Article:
The U.S. Federal Trade Commission is in talks with
Apple's latest iPhone operating system, iOS 8, comes with the HealthKit platform, which offers users the ability to track and share a vast range of health and medical data points like diet, exercise and activity across multiple apps and devices. The Apple Watch, which will launch early next year, comes with a heart rate sensor, GPS and accelerometer, which tracks a user's heart rate, distance traveled, steps taken and calories burned.
With the wealth of user health data that Apple will have access to, the FTC is understandably interested in how these data are used.
Apple confirmed that it has met with the FTC for run-of-the-mill discussions about its products and privacy, and two people familiar with the matter told Reuters that Apple representatives have assured agency officials the company will not sell users' health data to third parties like advertisers, nor will it allow third-party developers to do so.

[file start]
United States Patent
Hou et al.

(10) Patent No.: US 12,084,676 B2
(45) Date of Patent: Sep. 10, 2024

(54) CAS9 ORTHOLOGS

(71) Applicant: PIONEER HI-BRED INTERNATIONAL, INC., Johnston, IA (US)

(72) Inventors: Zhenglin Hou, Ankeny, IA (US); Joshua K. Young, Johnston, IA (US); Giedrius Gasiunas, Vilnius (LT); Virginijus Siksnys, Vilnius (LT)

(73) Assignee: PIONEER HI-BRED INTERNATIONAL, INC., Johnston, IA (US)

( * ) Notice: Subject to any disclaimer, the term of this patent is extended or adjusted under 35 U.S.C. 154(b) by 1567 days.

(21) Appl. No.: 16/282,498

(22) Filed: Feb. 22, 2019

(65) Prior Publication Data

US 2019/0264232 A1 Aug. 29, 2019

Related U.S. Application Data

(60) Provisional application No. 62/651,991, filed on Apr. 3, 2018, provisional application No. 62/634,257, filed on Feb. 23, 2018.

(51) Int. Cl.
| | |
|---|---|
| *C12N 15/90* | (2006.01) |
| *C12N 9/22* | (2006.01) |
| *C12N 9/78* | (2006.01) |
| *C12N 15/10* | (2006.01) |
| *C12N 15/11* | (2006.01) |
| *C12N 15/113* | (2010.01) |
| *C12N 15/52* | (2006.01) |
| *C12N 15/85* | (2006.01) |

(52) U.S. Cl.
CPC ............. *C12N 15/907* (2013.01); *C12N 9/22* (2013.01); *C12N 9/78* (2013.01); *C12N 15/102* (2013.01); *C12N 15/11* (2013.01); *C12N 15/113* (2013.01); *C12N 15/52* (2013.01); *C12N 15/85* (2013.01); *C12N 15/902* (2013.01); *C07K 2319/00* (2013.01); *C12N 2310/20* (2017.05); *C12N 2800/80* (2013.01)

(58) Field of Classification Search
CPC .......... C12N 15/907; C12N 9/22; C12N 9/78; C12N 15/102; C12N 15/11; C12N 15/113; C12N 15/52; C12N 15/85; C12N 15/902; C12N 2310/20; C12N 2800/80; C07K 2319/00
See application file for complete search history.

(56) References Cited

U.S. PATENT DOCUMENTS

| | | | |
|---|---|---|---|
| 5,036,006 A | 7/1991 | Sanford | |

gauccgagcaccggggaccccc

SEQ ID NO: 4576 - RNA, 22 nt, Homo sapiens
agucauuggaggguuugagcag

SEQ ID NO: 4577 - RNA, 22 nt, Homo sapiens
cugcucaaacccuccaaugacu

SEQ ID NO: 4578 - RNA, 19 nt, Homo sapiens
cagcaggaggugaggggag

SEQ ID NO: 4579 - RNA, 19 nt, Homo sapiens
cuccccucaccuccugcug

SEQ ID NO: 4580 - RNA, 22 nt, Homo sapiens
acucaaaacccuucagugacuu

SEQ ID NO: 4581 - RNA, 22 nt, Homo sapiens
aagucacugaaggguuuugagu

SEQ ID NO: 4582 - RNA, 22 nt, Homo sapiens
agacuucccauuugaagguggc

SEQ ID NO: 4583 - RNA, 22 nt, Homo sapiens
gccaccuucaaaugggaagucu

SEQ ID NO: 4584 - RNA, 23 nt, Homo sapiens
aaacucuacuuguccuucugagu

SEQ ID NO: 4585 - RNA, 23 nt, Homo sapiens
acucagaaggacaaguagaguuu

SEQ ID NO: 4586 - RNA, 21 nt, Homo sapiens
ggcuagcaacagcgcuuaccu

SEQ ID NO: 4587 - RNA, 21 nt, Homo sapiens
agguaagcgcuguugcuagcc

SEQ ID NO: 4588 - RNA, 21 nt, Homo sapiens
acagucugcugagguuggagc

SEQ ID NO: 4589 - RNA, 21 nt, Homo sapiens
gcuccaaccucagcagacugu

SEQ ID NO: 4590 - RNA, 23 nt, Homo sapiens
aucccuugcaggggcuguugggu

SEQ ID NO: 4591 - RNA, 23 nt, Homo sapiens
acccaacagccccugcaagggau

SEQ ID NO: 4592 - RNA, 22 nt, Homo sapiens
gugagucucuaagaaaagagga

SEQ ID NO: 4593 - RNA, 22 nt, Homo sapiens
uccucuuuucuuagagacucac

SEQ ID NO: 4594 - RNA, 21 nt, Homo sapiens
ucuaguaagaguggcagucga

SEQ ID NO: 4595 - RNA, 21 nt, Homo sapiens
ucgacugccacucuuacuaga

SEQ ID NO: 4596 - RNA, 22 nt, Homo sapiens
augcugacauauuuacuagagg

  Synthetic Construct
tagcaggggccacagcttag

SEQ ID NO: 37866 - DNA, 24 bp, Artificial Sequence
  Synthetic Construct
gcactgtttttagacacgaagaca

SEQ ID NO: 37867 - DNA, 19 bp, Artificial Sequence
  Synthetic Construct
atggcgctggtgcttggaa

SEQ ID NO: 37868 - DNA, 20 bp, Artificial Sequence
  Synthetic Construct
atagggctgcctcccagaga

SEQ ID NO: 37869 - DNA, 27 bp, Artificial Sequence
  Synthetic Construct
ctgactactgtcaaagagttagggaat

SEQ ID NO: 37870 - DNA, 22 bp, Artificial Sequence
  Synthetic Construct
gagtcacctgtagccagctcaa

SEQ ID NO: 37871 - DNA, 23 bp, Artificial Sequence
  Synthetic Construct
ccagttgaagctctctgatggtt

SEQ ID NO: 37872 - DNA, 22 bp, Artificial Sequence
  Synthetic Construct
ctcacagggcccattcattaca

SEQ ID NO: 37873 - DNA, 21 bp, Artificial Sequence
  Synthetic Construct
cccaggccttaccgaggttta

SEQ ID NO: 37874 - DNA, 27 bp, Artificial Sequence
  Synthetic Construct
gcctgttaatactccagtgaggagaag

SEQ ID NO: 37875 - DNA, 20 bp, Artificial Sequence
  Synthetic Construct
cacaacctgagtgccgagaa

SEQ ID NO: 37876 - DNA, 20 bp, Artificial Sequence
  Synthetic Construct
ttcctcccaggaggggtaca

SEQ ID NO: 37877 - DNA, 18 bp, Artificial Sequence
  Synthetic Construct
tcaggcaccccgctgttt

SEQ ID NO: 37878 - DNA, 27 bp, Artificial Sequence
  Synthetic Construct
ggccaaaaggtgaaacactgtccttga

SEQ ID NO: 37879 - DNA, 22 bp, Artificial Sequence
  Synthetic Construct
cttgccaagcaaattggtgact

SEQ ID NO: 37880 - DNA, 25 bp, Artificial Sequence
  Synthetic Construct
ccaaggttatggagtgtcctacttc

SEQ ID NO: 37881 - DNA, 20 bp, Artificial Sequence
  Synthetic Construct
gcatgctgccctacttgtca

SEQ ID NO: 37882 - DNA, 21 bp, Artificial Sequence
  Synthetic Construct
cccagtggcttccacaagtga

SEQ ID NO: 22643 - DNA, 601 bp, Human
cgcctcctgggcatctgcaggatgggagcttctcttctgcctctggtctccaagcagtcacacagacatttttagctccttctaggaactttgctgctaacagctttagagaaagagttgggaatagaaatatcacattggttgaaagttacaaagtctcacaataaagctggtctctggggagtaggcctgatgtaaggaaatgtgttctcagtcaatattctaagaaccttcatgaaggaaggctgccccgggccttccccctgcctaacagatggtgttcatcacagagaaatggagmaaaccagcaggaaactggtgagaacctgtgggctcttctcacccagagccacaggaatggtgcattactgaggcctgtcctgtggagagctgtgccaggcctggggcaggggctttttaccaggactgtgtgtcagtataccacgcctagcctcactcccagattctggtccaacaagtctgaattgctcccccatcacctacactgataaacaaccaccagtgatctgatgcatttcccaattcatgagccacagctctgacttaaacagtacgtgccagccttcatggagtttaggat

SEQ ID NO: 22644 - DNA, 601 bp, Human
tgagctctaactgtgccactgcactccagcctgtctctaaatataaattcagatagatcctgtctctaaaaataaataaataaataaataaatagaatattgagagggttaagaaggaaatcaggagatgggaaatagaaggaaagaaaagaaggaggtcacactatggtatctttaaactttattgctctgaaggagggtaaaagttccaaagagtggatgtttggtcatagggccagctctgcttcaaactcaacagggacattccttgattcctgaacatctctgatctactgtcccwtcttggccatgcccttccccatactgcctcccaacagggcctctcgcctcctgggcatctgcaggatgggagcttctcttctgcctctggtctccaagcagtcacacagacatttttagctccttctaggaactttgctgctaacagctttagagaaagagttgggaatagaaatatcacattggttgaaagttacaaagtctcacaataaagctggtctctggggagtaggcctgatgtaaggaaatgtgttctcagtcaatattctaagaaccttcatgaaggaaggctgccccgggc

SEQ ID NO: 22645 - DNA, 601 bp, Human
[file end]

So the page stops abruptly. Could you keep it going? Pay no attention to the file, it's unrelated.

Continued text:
"We designed HealthKit with privacy in mind," said Apple spokesperson Trudy Muller.
Unlike health and medical data patients give to healthcare providers, most data consumers store in mobile health apps are not covered by privacy rules known as the Health Insurance Portability and Accountability Act.
An FTC study from May revealed that a good portion of mobile health app developers collect consumer health data and give them to third parties. The 12 app developers featured in the study were found to have shared user health data with 76 different entities, including advertisers.
In Apple's case, the company tightened its privacy rules in August to ensure data collected through HealthKit would not be used by developers for advertising or data-mining purposes. Data logged by the Apple Watch are encrypted on the device, and users must give consent before app developers can access their health information.